Driving a New Era of Phage Therapy Research and Innovation
From a More than 100-Year-Old Discovery to a Potential New Tool in the Fight Against Drug-Resistant “Superbugs”
When University of Toronto and Unity Health Toronto medical microbiologist Greg German describes his work advancing bacteriophage (or phage) therapy to a general audience, he keeps his language simple.
“Phages are good viruses that can eat bad germs and superbugs,” says German who, as a medical microbiologist, is a laboratory physician expert and a clinical consultant on infections.
German explains that phages are the most common biological entities in nature. Their ability to destroy bacteria was first characterized by Canadian Medical Hall of Fame scientist, Félix d’Hérelle, in the early part of the 20th century. While phage therapy was initially heralded as a new approach to the treatment of bacterial infections, it was largely abandoned following the widespread adoption of antibiotics in the 1940s.
But, now, with the rising threat of drug-resistant superbugs, the world’s attention is turning back to phages as a possible solution.
“Antimicrobial resistance is an enormous concern,” says German. “Already, millions of people around the world die each year from drug-resistant bacterial infections and the numbers are only growing. By 2050, it’s estimated that more people will die from antibiotic failures than from cancer. The costs, both on a human and financial scale, will be massive if we don’t quickly develop new approaches, like phage therapy.”
New research centres dedicated to harnessing and evolving phage therapies have recently been established in the United States, Australia, Belgium, Israel and France — joining longstanding phage research centres in Poland and the Republic of Georgia. Yet, despite rising global interest in phages, Canada lags behind its international peers.
“Many countries have developed academic laboratories to produce personalized phage therapy for patients who have arrived at a ‘dead-end’ in the treatment of their resistant infections,” says German. “Looking at Belgium alone, scientists there have already treated 150 human patients with phages since 2000. But, here in Canada, we’ve done so only twice during the same period.”
It’s a shortcoming German and a small, but dedicated, network of phage therapy researchers across the country are attempting to overcome — an effort that will now be strengthened and accelerated following a recent $5-million gift from an anonymous donor to U of T’s Temerty Faculty of Medicine.
The gift will fund a number of initiatives tied to phage therapy, including the creation of a new professorship in bacteriophage therapy research and innovation at Temerty Medicine, expanded Canadian bacteriophage biobanking resources, as well as the establishment of a bacteriophage therapy research accelerator fund that will provide grants to high-impact phage therapy studies throughout Canada.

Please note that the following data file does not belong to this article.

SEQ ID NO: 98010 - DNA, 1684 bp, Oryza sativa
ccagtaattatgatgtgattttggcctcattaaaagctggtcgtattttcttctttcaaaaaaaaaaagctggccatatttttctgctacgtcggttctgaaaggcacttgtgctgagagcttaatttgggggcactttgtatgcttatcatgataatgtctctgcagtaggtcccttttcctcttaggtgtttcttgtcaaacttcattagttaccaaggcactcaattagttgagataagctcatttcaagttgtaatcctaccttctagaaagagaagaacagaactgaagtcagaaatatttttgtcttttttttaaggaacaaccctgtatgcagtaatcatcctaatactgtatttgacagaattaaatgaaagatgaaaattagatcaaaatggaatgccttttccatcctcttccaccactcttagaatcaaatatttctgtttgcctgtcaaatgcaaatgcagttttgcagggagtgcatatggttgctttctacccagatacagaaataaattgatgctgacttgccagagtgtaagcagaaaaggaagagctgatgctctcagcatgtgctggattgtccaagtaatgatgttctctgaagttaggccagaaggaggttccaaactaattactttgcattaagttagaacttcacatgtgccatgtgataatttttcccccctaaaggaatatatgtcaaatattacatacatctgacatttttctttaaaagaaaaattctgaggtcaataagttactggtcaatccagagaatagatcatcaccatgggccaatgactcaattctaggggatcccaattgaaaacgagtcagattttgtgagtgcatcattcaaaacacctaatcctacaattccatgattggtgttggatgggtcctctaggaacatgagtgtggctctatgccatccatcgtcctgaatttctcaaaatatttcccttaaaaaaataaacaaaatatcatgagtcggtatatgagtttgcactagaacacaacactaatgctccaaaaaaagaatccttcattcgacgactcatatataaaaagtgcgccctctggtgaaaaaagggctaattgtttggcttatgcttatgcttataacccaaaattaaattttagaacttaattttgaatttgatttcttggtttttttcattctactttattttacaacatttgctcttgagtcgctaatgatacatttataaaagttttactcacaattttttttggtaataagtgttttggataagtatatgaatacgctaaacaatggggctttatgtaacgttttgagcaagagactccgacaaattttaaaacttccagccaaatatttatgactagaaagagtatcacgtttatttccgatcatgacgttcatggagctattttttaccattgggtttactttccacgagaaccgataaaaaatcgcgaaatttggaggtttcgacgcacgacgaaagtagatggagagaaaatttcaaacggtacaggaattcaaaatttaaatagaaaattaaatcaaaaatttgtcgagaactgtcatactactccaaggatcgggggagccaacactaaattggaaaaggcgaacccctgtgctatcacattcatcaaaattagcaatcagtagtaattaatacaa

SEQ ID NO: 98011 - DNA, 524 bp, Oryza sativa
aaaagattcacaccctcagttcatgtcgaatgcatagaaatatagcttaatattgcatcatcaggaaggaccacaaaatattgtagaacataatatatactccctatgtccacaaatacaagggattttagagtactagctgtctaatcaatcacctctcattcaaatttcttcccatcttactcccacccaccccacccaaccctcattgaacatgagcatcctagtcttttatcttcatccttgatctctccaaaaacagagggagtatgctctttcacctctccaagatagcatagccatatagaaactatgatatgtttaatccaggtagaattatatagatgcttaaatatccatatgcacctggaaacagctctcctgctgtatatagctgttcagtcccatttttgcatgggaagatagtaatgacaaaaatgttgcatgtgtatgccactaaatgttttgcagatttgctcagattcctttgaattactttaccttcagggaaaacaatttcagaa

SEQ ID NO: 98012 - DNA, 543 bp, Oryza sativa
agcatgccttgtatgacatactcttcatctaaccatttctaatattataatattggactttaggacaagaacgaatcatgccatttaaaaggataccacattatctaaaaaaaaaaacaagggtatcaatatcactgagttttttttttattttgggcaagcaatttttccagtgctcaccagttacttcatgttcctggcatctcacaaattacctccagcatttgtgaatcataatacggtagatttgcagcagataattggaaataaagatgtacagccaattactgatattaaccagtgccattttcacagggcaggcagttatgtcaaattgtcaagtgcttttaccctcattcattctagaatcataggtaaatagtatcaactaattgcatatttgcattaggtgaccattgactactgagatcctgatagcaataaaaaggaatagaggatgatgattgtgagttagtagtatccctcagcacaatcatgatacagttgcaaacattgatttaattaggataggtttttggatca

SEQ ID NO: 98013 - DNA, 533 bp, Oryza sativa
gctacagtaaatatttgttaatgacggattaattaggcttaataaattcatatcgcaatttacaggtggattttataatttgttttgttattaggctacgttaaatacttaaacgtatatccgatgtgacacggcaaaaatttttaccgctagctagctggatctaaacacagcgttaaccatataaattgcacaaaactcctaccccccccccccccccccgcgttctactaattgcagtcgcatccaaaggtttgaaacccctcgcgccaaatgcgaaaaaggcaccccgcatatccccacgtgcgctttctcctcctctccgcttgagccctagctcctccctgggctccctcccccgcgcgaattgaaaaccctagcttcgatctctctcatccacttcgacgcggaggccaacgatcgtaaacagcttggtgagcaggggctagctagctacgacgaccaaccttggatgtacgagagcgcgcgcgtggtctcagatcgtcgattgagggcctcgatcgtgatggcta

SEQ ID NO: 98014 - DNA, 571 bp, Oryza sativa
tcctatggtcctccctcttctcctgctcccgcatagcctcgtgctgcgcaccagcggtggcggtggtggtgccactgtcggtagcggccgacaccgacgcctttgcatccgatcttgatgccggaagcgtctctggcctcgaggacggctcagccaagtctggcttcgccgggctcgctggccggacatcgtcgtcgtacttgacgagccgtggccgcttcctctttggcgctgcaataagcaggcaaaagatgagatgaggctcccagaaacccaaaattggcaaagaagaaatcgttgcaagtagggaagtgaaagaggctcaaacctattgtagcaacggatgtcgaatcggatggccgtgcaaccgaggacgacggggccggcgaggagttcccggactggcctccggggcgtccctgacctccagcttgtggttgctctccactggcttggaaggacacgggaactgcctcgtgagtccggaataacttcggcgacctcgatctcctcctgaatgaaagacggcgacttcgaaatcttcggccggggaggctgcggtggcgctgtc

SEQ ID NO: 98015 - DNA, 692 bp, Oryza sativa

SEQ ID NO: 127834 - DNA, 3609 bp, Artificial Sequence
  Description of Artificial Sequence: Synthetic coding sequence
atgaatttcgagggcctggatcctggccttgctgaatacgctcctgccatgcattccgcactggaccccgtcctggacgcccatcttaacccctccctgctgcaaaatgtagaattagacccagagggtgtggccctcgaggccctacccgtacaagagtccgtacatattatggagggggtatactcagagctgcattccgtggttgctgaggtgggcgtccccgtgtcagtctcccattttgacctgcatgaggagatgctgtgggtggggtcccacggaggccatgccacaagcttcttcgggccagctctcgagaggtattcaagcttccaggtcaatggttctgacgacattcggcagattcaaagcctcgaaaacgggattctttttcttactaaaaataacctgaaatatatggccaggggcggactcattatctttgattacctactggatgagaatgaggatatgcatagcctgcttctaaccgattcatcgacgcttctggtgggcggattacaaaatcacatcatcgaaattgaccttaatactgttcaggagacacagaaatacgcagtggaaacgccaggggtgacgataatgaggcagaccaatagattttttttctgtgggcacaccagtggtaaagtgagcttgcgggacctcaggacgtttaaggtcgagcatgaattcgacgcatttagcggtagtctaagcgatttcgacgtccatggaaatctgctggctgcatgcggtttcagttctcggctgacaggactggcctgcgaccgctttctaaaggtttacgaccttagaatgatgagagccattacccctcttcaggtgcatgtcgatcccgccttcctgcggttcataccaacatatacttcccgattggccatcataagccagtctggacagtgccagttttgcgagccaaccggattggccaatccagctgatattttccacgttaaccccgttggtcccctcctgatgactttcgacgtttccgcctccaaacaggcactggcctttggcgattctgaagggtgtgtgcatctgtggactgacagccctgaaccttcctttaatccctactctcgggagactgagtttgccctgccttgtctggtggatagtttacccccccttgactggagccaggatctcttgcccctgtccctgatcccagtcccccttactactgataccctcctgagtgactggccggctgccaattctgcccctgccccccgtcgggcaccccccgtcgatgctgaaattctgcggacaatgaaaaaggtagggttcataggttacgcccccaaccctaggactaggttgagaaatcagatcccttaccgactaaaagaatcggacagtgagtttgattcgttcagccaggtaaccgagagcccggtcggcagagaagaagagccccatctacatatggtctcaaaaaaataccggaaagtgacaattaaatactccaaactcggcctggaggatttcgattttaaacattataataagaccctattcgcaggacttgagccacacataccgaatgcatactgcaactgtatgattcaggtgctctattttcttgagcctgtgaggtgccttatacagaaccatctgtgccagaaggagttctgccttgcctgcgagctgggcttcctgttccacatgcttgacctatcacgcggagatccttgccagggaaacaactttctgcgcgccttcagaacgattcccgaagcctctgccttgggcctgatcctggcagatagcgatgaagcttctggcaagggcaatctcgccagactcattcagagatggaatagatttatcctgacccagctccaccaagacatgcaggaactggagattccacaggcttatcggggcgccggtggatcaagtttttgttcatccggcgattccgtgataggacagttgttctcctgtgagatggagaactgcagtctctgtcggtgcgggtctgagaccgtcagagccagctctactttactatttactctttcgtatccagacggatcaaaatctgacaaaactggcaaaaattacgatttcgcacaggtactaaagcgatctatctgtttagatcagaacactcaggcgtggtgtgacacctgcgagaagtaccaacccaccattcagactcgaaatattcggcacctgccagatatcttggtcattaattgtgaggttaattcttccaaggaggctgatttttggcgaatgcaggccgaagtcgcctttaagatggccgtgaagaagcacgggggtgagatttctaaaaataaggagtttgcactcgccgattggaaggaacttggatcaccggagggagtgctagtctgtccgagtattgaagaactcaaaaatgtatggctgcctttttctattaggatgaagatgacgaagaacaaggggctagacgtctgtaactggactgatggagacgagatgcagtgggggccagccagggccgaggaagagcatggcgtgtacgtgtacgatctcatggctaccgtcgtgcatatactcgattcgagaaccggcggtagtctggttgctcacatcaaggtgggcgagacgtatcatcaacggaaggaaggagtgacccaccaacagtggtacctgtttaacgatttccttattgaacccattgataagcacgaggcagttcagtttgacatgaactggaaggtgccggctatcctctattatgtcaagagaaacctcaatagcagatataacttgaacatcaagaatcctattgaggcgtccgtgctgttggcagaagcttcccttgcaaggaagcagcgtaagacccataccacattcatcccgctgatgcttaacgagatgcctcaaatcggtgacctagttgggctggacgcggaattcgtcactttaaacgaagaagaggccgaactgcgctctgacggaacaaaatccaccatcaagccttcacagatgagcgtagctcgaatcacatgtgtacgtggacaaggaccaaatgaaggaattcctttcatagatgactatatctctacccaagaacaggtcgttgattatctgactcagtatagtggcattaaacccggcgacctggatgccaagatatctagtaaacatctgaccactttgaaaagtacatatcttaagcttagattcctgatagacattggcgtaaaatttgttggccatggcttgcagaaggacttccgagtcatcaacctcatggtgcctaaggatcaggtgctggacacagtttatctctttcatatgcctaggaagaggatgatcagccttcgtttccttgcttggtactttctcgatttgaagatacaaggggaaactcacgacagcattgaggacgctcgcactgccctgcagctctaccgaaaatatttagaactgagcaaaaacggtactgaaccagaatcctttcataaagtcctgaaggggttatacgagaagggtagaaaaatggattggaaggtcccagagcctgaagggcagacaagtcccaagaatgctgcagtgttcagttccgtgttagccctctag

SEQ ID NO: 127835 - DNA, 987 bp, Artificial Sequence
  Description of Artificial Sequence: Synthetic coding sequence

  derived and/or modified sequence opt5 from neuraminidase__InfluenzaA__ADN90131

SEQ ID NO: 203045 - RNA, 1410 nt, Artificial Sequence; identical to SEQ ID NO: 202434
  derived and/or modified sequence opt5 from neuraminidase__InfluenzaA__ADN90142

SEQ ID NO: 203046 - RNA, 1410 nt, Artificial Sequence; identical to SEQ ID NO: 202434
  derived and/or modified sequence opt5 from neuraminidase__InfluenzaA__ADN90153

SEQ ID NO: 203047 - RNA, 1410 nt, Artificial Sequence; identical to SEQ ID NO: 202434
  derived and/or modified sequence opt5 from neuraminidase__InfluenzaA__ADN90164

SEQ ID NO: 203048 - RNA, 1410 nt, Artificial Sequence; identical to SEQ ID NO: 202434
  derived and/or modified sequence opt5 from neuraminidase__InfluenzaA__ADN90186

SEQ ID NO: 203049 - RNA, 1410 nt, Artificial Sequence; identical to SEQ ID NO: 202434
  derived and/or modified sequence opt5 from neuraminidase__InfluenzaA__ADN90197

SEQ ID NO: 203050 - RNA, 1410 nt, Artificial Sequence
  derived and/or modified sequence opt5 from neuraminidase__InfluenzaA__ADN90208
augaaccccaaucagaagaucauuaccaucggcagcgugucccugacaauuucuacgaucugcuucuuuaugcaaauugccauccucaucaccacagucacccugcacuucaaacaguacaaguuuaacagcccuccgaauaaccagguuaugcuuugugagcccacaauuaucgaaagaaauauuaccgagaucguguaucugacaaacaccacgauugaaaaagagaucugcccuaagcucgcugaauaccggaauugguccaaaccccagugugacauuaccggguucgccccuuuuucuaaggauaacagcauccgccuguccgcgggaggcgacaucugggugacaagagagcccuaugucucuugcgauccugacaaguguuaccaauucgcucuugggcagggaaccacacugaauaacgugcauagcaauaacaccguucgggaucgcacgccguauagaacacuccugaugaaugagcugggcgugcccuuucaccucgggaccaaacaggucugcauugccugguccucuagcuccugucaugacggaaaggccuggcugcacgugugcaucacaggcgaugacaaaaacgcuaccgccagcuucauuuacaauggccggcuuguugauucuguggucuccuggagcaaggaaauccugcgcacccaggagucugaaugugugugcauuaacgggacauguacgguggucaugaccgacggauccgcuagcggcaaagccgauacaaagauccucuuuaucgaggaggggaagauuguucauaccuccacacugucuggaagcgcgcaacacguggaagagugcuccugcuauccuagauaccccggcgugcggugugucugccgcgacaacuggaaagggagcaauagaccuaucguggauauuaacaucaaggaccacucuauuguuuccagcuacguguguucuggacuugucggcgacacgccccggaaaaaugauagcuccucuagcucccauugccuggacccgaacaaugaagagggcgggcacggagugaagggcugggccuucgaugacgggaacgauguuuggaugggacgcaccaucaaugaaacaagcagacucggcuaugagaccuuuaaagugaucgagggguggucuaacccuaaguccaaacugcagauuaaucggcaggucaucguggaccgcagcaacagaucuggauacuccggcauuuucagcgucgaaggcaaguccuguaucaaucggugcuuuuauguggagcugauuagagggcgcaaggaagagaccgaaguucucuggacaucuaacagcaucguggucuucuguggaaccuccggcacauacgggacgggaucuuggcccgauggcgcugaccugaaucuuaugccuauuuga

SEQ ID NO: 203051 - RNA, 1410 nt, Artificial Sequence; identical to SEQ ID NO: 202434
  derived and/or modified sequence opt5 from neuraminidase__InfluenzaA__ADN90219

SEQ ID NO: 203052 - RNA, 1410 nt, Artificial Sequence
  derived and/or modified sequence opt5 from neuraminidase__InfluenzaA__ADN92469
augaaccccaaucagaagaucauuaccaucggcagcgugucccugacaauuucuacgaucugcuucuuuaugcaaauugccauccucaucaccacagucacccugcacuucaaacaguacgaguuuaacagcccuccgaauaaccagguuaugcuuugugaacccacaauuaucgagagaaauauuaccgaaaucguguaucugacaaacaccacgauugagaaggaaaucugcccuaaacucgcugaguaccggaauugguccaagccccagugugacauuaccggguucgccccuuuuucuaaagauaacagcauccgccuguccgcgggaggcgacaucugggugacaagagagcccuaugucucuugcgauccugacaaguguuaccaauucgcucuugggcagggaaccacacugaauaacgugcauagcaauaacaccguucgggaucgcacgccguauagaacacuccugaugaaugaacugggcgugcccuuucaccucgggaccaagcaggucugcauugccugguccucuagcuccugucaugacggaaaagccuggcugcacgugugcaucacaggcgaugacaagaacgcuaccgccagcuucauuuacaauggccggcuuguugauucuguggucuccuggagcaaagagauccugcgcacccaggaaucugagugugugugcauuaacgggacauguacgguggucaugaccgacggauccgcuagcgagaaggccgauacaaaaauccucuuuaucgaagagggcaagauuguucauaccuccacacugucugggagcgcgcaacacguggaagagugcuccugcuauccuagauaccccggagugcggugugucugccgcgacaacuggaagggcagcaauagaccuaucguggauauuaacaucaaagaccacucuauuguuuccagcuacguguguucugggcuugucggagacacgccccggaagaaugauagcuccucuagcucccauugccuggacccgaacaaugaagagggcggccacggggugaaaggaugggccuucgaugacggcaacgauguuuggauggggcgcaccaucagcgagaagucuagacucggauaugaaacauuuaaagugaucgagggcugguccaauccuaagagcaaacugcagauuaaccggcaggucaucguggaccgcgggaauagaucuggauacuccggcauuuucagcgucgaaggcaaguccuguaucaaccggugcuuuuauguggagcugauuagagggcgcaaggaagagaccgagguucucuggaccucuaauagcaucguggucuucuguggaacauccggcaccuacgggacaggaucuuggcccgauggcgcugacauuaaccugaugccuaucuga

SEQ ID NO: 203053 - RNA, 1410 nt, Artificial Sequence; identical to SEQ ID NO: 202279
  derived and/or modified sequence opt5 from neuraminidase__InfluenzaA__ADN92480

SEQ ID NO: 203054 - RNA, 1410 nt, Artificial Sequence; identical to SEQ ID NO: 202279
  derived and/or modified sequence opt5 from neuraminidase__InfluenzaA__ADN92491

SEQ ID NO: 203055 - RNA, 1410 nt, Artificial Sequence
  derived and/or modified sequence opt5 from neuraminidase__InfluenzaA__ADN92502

“This gift is one of the largest, if not the largest, gifts ever made in support of phage therapy and will give Canada a huge boost in the race to fight superbugs,” says German, who is currently leading a single-patient phage therapy clinical trial for the treatment of a drug-resistant, chronic urinary tract infection. “It is a tremendous investment in the leadership, ideas and infrastructure needed to take Canadian phage research to the next level.”
The demand from Canadian clinicians and patients who have exhausted all other options for the treatment of their resistant infections is already there — and it’s only expected to grow"
German also sees the donation setting the pace for other giving and grants necessary to realize the full breadth of his vision of a new era Canadian phage therapy.
“Our ultimate goal is to establish Toronto as the country’s premiere phage therapy centre of excellence,” he says. “The demand from Canadian clinicians and patients who have exhausted all other options for the treatment of their resistant infections is already there — and it’s only expected to grow. But right now, our impact is limited. A new, centralized hub would drive domestic phage therapy research and innovation, as well as generate Canadian-made phages.”
“Temerty Medicine’s unmatched size and depth of expertise, as well as U of T’s strong track record of collaboration with other institutions, makes us uniquely well-positioned to deliver cutting-edge advances in translational health science, like phage therapy,” says Trevor Young, Temerty Medicine’s dean and the vice-provost, relations with health care institutions at U of T. “We’re so grateful for this gift which will fuel our talented phage researchers as they work to address a looming challenge to the health of people and communities everywhere.”